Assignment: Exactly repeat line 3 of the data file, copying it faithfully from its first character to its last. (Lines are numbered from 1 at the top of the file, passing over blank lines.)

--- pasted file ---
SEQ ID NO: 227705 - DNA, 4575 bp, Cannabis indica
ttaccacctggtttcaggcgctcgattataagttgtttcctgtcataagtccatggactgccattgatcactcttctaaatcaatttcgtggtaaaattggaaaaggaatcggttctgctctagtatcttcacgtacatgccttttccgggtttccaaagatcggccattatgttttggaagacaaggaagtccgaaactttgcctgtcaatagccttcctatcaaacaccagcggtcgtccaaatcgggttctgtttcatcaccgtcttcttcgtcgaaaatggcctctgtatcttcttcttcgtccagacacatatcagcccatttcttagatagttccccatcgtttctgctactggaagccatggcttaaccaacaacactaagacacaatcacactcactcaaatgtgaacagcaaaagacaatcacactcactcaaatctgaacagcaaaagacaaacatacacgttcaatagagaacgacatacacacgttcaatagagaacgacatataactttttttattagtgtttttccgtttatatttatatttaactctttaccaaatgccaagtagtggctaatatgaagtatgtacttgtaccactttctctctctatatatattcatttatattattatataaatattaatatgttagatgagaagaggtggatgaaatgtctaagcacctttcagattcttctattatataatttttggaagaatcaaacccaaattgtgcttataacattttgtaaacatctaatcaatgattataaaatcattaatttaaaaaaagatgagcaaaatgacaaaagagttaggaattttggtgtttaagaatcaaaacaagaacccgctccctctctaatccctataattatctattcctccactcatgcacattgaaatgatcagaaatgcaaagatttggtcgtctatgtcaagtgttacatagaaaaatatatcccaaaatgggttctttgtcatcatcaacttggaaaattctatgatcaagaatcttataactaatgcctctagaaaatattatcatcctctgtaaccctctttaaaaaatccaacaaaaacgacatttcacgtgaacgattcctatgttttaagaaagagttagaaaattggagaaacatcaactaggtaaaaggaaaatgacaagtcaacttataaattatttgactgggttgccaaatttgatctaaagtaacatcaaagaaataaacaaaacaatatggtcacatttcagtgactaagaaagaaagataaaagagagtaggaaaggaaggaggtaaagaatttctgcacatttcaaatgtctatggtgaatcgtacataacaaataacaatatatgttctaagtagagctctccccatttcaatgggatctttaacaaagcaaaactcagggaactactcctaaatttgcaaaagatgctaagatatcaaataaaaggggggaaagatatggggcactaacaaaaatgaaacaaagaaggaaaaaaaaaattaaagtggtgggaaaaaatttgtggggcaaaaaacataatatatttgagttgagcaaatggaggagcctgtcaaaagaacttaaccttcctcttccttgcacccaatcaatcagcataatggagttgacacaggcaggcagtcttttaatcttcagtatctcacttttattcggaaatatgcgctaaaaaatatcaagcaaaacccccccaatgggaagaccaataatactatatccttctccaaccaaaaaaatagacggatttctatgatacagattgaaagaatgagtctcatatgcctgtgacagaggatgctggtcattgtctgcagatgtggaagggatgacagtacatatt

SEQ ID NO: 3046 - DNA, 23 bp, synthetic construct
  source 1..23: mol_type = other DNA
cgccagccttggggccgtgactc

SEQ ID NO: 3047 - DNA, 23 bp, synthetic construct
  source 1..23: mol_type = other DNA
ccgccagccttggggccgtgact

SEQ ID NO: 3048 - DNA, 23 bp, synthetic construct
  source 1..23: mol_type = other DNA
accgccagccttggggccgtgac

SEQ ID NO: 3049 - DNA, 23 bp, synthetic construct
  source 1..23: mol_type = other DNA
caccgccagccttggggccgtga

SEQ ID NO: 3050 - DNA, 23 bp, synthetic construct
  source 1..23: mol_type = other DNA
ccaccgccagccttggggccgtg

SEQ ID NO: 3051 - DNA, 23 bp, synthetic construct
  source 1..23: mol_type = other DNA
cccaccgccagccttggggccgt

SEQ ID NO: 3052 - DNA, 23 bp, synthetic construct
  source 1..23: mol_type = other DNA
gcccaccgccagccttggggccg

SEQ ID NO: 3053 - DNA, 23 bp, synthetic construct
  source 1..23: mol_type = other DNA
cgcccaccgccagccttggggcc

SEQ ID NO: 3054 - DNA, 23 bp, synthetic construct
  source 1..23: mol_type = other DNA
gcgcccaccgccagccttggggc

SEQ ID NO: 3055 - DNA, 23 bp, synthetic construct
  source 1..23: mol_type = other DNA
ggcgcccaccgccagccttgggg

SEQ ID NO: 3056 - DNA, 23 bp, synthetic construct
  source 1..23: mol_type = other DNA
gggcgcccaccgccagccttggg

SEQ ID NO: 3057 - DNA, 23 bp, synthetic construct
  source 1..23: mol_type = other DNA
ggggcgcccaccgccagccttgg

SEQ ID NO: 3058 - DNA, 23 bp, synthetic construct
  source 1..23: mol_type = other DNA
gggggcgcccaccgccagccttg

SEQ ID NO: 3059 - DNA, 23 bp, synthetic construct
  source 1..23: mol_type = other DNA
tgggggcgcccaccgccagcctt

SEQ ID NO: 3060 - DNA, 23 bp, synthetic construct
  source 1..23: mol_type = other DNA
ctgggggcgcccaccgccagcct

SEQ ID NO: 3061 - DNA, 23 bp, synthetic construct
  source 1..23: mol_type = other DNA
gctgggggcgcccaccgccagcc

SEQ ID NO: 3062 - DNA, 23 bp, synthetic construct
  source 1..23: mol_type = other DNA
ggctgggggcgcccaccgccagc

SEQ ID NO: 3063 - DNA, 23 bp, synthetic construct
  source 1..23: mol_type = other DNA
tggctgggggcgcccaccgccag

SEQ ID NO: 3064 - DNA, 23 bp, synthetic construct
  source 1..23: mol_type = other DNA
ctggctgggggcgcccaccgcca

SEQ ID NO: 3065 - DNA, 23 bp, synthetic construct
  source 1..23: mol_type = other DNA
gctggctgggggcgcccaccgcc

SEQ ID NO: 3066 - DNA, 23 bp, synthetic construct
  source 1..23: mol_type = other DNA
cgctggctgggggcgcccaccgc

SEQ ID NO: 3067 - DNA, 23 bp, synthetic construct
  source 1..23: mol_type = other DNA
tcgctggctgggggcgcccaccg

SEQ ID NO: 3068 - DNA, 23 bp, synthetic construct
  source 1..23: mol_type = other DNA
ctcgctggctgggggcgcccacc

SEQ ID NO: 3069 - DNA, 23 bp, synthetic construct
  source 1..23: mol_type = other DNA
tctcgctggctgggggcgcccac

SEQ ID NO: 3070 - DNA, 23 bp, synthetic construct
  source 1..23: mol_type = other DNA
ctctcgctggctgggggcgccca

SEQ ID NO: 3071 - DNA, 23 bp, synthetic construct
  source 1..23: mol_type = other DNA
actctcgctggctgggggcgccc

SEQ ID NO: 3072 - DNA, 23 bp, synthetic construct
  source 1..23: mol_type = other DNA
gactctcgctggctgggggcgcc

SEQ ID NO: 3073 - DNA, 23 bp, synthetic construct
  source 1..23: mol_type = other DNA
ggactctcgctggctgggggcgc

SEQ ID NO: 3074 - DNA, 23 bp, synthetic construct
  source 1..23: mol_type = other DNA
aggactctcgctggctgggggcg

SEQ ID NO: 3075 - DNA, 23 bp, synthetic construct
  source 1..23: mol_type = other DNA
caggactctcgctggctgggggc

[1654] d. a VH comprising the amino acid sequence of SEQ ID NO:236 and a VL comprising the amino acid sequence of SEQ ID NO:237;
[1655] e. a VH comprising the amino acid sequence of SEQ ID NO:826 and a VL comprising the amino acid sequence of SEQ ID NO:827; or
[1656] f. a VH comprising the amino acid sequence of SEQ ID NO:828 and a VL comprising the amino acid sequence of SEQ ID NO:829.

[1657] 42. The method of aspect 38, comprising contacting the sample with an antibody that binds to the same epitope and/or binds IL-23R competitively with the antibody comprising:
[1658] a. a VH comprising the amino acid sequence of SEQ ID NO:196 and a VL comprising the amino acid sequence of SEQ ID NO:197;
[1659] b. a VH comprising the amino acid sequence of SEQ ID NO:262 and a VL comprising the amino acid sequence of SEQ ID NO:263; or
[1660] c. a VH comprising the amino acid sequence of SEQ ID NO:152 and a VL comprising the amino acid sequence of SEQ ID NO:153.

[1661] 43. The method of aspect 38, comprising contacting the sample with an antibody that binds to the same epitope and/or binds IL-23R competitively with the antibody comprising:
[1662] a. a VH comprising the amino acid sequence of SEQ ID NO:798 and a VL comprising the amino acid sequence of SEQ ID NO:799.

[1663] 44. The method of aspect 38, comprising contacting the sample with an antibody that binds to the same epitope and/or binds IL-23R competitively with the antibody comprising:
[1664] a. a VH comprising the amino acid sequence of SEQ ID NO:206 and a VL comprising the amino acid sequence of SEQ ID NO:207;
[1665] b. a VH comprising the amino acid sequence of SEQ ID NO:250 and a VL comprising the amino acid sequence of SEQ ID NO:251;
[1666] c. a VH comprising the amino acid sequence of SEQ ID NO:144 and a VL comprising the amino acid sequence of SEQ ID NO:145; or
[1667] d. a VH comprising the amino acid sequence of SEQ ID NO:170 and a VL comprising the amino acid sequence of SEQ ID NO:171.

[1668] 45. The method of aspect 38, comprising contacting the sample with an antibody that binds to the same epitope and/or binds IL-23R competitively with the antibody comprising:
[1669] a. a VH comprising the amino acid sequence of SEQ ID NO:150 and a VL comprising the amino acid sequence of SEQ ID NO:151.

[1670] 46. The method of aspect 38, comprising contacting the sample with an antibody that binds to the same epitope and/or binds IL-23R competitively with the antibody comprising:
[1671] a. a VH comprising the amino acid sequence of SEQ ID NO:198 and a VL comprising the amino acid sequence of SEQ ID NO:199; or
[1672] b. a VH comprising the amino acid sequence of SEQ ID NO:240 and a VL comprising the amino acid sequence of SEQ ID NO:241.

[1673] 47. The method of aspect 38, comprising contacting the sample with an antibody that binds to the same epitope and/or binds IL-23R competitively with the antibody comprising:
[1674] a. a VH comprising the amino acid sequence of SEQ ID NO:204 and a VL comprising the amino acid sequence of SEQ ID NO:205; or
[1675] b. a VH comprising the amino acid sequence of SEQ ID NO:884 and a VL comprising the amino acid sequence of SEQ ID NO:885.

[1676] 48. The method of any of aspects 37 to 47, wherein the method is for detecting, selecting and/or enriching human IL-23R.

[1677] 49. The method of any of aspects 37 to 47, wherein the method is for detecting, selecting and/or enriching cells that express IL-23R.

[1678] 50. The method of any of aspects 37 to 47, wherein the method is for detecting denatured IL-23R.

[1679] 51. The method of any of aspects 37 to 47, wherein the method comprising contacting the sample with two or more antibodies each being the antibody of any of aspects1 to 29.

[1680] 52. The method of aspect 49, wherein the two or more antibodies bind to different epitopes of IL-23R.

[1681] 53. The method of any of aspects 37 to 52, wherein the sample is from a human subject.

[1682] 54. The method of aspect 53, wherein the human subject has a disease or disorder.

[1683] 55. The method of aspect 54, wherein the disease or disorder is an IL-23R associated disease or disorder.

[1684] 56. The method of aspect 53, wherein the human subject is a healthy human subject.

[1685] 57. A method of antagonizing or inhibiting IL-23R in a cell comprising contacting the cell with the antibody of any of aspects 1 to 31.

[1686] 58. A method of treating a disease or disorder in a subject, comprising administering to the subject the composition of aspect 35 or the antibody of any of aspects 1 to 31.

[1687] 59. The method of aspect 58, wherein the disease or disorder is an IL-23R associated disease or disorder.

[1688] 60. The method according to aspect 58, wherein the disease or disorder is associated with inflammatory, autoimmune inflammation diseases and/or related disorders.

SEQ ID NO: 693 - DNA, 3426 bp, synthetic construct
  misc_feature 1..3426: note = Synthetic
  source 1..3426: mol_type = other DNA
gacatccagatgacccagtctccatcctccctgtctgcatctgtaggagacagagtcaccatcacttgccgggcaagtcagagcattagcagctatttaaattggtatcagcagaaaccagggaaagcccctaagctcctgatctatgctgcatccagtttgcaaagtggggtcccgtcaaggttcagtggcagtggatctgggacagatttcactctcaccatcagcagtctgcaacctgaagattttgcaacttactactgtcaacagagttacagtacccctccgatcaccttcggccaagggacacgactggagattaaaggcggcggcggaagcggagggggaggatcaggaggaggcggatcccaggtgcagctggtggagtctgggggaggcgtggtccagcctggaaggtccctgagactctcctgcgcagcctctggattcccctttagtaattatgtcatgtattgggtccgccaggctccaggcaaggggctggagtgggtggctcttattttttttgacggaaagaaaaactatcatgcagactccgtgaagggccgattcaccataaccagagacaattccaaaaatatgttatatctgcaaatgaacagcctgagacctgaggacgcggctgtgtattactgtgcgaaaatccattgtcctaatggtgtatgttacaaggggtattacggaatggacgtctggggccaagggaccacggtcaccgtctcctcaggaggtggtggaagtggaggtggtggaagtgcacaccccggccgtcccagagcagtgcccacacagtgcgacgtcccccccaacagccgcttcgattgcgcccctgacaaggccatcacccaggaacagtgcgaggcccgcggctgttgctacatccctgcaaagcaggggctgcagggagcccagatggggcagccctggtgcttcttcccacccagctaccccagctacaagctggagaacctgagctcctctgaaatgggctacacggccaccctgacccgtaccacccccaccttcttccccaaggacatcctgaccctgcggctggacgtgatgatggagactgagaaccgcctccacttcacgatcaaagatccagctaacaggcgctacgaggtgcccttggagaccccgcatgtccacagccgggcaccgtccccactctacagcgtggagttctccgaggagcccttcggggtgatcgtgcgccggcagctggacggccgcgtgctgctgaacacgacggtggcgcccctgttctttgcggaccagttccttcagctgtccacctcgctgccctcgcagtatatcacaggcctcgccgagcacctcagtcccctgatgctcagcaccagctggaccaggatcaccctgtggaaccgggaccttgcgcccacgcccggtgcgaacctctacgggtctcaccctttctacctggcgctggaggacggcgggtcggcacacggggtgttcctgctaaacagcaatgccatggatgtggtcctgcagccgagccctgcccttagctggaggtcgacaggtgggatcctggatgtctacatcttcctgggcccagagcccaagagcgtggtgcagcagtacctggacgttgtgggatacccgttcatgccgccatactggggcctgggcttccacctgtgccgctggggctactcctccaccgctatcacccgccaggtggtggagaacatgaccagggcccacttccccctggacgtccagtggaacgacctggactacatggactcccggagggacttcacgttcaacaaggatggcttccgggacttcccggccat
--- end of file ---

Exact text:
SEQ ID NO: 3046 - DNA, 23 bp, synthetic construct